|Title||Tertiary structure changes in albumin upon surface adsorption observed via fourier transform infrared spectroscopy.|
|Publication Type||Journal Article|
|Year of Publication||2009|
|Authors||Smith, JR, Cicerone, MT, Meuse, CW|
|Date Published||2009 Apr 21|
|Keywords||Adsorption, Animals, Biophysics, Buffers, Cattle, Gold, Polymers, Polystyrenes, Protein Denaturation, Protein Folding, Protein Structure, Secondary, Protein Structure, Tertiary, Serum Albumin, Bovine, Solvents, Spectroscopy, Fourier Transform Infrared, Surface Properties|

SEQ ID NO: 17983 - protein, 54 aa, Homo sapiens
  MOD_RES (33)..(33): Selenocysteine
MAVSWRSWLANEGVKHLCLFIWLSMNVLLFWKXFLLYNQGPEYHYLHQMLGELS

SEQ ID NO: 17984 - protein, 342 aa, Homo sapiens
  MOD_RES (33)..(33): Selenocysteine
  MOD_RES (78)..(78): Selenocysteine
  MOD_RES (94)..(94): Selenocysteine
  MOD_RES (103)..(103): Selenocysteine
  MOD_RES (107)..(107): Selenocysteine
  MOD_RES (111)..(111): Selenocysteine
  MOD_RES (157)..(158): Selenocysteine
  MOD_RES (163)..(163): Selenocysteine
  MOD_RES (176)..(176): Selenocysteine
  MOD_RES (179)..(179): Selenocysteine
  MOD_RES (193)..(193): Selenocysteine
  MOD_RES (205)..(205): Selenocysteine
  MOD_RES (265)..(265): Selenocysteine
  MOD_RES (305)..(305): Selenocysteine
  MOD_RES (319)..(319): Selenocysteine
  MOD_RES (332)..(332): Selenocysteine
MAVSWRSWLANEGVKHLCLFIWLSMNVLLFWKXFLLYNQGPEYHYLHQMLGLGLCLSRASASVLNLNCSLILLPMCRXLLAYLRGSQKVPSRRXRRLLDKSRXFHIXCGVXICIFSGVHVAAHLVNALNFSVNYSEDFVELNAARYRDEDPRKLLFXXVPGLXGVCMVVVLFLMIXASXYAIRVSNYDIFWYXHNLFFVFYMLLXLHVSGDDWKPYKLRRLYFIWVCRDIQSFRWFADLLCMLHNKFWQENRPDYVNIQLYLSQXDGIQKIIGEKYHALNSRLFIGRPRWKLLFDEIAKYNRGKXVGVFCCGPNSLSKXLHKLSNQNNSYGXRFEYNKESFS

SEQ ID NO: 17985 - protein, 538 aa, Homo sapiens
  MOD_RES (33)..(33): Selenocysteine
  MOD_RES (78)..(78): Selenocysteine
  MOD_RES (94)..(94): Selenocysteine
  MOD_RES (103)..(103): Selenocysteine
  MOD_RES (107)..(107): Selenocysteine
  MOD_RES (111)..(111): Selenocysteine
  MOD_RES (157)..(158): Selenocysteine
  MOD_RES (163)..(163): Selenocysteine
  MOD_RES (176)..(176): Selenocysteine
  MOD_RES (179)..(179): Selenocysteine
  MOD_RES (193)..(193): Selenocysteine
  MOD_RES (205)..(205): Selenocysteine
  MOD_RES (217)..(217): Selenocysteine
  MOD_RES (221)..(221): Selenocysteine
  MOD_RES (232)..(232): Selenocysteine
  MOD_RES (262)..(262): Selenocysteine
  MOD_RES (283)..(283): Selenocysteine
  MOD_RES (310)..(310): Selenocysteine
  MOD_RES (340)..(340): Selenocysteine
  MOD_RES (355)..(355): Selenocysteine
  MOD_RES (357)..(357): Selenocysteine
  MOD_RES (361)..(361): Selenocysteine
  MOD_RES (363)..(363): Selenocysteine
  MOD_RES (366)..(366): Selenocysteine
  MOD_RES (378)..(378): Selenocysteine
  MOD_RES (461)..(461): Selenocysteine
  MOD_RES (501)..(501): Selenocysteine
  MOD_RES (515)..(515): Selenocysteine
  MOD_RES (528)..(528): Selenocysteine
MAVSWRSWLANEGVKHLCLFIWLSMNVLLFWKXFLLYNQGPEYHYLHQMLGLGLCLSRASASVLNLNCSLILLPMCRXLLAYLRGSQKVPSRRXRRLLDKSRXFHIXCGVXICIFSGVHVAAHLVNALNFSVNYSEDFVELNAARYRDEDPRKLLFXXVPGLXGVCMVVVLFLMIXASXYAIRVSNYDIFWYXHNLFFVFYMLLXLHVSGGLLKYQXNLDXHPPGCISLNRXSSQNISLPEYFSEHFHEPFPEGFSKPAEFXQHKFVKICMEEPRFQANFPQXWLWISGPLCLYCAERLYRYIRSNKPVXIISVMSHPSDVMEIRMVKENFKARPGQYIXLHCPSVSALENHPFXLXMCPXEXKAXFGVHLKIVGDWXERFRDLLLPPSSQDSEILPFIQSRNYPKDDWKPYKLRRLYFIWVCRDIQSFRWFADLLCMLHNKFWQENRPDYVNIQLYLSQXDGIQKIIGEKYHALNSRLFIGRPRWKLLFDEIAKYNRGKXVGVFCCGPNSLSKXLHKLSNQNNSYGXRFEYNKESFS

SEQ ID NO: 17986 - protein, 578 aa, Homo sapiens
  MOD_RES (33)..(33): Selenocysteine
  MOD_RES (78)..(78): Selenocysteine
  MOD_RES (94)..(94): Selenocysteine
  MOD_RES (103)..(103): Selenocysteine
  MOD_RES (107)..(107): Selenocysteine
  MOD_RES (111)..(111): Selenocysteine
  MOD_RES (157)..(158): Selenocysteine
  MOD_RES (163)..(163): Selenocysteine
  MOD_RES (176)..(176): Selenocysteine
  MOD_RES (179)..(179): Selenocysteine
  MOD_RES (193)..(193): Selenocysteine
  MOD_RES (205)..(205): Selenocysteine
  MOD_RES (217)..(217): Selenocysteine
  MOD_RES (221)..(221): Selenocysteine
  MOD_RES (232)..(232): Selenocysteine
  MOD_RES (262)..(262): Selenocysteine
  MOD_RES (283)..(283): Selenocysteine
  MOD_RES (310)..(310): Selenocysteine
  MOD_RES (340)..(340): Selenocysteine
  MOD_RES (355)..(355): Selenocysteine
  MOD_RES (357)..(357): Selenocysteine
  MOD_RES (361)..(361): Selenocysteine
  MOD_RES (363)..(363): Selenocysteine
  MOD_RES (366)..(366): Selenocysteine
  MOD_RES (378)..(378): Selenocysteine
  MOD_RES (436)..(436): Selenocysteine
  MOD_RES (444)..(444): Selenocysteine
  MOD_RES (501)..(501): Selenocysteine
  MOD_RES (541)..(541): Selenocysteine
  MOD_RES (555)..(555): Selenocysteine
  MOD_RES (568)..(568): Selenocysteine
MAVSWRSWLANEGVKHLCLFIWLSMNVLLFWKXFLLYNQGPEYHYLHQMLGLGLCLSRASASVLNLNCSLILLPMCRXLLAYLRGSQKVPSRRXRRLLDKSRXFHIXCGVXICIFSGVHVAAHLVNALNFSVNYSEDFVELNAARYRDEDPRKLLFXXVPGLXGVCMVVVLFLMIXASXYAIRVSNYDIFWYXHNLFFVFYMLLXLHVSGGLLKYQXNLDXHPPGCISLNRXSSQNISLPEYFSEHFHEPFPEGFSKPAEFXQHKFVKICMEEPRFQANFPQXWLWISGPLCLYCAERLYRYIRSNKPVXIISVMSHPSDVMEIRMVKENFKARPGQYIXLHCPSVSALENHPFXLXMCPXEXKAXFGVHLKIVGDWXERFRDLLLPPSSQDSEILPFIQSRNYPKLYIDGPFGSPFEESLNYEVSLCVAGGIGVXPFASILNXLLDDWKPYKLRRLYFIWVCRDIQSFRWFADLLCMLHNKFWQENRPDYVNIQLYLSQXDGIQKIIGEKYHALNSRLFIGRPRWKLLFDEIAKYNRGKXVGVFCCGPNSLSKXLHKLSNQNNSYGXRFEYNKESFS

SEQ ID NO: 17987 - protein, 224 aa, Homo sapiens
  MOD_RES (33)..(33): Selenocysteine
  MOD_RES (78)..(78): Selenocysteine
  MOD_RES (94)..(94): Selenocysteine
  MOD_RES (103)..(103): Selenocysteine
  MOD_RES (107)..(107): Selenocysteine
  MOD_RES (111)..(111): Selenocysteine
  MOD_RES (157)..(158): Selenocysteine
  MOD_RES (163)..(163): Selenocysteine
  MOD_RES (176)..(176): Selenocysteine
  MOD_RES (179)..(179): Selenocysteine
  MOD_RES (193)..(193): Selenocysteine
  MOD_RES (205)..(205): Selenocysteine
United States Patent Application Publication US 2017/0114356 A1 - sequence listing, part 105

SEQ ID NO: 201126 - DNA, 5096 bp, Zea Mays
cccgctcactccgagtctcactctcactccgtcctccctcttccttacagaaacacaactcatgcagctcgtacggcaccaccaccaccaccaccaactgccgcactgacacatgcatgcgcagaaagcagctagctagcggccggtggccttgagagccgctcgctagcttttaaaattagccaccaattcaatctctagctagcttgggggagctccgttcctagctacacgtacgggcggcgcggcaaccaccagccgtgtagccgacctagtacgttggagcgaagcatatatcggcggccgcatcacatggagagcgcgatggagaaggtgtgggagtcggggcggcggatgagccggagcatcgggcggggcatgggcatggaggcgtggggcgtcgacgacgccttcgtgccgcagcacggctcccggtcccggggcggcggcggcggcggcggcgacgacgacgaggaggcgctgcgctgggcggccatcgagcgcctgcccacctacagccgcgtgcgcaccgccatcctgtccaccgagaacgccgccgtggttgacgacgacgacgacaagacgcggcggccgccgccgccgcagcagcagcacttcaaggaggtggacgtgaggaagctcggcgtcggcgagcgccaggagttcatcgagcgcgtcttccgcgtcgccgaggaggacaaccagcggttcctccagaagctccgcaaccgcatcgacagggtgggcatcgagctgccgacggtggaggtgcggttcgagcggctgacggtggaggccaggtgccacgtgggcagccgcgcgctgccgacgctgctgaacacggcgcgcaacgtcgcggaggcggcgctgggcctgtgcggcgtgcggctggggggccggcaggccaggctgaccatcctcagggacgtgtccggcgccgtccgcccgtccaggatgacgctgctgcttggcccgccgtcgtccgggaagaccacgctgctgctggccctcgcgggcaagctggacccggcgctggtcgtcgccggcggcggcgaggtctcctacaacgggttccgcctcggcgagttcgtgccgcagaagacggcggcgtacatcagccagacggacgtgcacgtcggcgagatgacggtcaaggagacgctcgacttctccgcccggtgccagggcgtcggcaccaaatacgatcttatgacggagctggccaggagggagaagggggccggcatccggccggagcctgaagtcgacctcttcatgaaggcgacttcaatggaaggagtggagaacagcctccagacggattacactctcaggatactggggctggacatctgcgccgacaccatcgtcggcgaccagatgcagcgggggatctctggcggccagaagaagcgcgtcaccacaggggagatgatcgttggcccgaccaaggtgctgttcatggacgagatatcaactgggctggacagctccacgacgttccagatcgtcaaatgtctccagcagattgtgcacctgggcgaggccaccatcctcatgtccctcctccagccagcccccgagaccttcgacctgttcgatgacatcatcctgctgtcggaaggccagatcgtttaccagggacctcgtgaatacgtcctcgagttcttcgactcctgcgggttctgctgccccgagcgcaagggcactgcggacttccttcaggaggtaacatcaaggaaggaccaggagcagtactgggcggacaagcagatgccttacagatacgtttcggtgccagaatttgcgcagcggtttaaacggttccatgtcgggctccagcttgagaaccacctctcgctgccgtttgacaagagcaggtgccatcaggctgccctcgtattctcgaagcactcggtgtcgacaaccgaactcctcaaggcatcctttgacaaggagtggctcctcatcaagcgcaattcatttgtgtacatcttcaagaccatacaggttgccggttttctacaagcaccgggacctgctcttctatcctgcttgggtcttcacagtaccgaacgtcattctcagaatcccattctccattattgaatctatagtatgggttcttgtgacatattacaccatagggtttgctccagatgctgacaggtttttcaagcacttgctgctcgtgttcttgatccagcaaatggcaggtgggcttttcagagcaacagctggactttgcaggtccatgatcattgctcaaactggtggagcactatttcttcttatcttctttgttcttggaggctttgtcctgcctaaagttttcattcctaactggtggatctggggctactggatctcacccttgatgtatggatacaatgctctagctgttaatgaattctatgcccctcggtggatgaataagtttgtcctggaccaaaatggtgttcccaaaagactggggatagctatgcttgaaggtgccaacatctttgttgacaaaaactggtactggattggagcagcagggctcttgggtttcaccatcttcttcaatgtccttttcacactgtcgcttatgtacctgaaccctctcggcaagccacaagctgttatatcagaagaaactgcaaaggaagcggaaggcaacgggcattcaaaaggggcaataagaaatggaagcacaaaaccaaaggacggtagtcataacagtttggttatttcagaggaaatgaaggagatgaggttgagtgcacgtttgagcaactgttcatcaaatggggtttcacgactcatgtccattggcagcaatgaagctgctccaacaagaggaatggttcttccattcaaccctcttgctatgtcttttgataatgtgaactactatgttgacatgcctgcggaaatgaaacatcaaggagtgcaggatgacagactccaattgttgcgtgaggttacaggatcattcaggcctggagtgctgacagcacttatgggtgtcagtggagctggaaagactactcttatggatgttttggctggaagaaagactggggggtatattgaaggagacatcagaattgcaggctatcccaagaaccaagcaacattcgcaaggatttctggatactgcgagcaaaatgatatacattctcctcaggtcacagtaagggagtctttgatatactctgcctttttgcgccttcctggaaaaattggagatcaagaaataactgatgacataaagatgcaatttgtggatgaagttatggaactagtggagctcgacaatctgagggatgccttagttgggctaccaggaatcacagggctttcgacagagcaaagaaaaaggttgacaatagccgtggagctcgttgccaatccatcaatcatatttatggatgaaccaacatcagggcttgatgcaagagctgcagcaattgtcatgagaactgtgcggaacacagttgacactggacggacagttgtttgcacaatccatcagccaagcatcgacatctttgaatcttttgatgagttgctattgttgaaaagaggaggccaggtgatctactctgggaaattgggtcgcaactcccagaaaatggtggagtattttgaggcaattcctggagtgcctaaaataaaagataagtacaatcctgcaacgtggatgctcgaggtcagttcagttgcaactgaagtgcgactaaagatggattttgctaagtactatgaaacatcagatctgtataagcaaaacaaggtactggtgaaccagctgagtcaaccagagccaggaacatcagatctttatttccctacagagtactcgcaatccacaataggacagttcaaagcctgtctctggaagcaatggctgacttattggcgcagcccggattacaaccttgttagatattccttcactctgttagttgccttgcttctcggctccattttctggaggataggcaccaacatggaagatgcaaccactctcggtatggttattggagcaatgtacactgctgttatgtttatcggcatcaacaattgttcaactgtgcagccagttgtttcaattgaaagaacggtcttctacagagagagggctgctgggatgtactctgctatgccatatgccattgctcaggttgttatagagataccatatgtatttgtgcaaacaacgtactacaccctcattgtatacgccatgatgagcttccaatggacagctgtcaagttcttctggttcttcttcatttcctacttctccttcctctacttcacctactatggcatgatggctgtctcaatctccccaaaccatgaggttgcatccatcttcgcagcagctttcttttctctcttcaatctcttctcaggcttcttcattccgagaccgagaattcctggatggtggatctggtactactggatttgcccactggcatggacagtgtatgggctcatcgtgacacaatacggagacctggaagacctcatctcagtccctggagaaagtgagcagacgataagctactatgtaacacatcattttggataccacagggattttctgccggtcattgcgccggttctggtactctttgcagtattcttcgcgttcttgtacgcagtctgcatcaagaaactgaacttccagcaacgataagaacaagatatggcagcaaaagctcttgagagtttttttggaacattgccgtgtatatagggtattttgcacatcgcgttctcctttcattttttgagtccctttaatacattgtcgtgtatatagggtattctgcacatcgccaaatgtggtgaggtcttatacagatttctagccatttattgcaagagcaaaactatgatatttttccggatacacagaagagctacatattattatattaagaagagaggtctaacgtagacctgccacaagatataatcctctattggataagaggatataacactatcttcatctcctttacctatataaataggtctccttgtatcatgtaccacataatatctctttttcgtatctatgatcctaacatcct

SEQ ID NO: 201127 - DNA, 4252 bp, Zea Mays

A nondestructive Fourier transform infrared (FTIR) spectroscopy assay, amenable to exploring a wide range of proteins and polymers, is used to measure changes in the tertiary structure of bovine serum albumin (BSA) adsorbed to three surfaces: gold, polystyrene (PS), and poly(D,L-lactic acid) (PDLLA). Tertiary structural analysis is important because typical secondary structural analysis (FTIR and CD) is not always sensitive enough to distinguish between the sometimes subtle protein structural changes caused by adsorption. The polymers are spin-coated onto a gold surface, exposed to protein, and then immersed in a deuterated buffer solution to probe the protein's tertiary structure before the sample is removed from its aqueous environment. Infrared band intensities, related to the exchange of amide hydrogen for deuterium (HDX), as a function of the immersion time in deuterated buffer, are used to determine the extent of amide solvent exposure. Analysis of the results in terms of a single exponential decay shows that enough amides undergo a measurable amount of exchange in 60 min to quantify relative changes in BSA solvent exposure on different surfaces. In addition, substantial fractions undergo HDX at a rate too fast or too slow to be followed with our experimental protocol. The proportions of these quickly and slowly exchanging amide groups also provide information about relative changes in the BSA structure on different surfaces. Adsorption was found to increase the extent of HDX over that observed for BSA in solution, consistent with surface-induced unfolding and a loss of tertiary structure. Changes in HDX were found to be more sensitive to which surface was absorbing the protein than the typical FTIR secondary structural analysis obtained from fitting the amide I band. HDX was greatest for BSA adsorbed to the surface of PDLLA and least in the case of BSA adsorbed to gold, which indicates the greatest and least degree of unfolding, respectively.